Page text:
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Game site back, sans mod chips

A Hong Kong video game retailer dusts itself off and climbs back online after a legal scuffle with Microsoft, Nintendo and Sony.

A Hong Kong video game retailer that ran into legal hot water with Microsoft is back in business, minus the hacking tools that got it in trouble.

The Web site for Lik-Sang was working again Tuesday morning, after being shut down for more than three weeks.

Lik-Sang was one of the world's leading suppliers of "mod chips," add-ons for game consoles that defeat security systems in the machines, allowing them to play legally and illegally copied game discs, play import games and run homemade software.

A message on the Lik-Sang site blamed the shutdown on a lawsuit filed last month in the High Court of Hong Kong by game console makers Microsoft, Nintendo and Sony. The suit claimed copyright infringements relating to mod chips and other development and backup devices for the game machines.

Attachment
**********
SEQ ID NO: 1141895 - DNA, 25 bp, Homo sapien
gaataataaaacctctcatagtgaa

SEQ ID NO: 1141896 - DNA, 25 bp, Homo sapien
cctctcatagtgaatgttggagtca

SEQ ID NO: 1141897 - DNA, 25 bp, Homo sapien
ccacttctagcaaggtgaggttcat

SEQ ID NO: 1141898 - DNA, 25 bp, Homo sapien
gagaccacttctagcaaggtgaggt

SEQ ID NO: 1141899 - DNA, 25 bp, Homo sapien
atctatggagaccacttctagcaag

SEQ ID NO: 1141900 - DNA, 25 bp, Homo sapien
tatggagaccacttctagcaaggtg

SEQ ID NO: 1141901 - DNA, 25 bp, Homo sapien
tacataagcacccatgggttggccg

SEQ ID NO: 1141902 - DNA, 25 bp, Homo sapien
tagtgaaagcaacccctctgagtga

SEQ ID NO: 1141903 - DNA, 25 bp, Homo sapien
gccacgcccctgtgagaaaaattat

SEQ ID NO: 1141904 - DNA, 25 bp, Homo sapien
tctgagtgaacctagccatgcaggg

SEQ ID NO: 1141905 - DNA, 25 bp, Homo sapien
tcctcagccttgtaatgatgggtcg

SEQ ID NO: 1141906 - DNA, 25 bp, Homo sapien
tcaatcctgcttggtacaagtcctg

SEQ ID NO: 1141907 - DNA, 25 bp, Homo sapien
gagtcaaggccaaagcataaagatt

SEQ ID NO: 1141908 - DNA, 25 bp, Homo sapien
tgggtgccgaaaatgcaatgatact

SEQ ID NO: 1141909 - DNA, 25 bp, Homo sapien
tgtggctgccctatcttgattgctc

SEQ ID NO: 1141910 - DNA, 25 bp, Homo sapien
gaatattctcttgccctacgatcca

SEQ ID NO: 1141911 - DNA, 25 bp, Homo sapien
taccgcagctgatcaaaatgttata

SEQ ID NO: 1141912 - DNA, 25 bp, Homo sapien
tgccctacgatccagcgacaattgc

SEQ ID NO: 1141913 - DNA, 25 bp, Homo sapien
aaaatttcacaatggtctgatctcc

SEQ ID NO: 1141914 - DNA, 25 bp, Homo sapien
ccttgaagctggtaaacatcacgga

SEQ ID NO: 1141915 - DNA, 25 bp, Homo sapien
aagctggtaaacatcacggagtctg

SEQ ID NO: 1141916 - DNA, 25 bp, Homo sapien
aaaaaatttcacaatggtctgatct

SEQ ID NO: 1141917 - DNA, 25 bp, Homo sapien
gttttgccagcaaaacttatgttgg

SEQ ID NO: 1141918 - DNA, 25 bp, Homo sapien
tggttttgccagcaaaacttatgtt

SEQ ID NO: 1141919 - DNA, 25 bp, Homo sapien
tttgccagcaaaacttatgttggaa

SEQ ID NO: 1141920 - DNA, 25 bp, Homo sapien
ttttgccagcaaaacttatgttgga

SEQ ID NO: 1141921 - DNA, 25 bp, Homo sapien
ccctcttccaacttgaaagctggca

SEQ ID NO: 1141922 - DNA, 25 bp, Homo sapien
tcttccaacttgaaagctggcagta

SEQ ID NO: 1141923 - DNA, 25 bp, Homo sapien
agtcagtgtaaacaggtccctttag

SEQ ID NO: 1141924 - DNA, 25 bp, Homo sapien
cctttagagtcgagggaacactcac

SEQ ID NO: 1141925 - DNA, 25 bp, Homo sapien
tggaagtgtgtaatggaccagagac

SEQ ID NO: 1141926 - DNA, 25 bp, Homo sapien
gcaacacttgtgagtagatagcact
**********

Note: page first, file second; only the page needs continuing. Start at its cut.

Lik-Sang said it was abiding by a court injunction forbidding it from selling or advertising the disputed devices, which include mod chips for Sony's PlayStation 2 and Microsoft's Xbox and backup tools for Nintendo's Game Boy Advance handheld player.

Lik-Sang said that outstanding orders for mod chips and other disputed devices would be canceled and customers would receive refunds, while orders for other goods would be processed as soon as possible.

David Foster, a British graphics designer, said he was still waiting to hear on the status of his order for two Japanese PlayStation 2 games.

"I found out by chance that the Web site was up," he said. "All my details on the site are correct, and my outstanding order is there. I can click to continue it if I want to."

Lik-Sang representatives responded to questions from CNET News.com with a form letter similar to the notice on the site, which did not detail the company's plans.

"Lik-Sang International Limited has always sold the products in question with the legitimate use in mind, and the products haven't been considered as illegal," the statement said. "However, Lik-Sang is not committed on selling the questioned products in the future."

A Microsoft representative from the company's Asian headquarters confirmed earlier that the company had taken legal action against Lik-Sang but did not provide details. Sony and Nintendo representatives did not immediately respond to requests for comment.

Game console makers have been fighting mod chips for years, with Sony and Microsoft lately pursuing a variety of legal and engineering tactics to thwart the devices.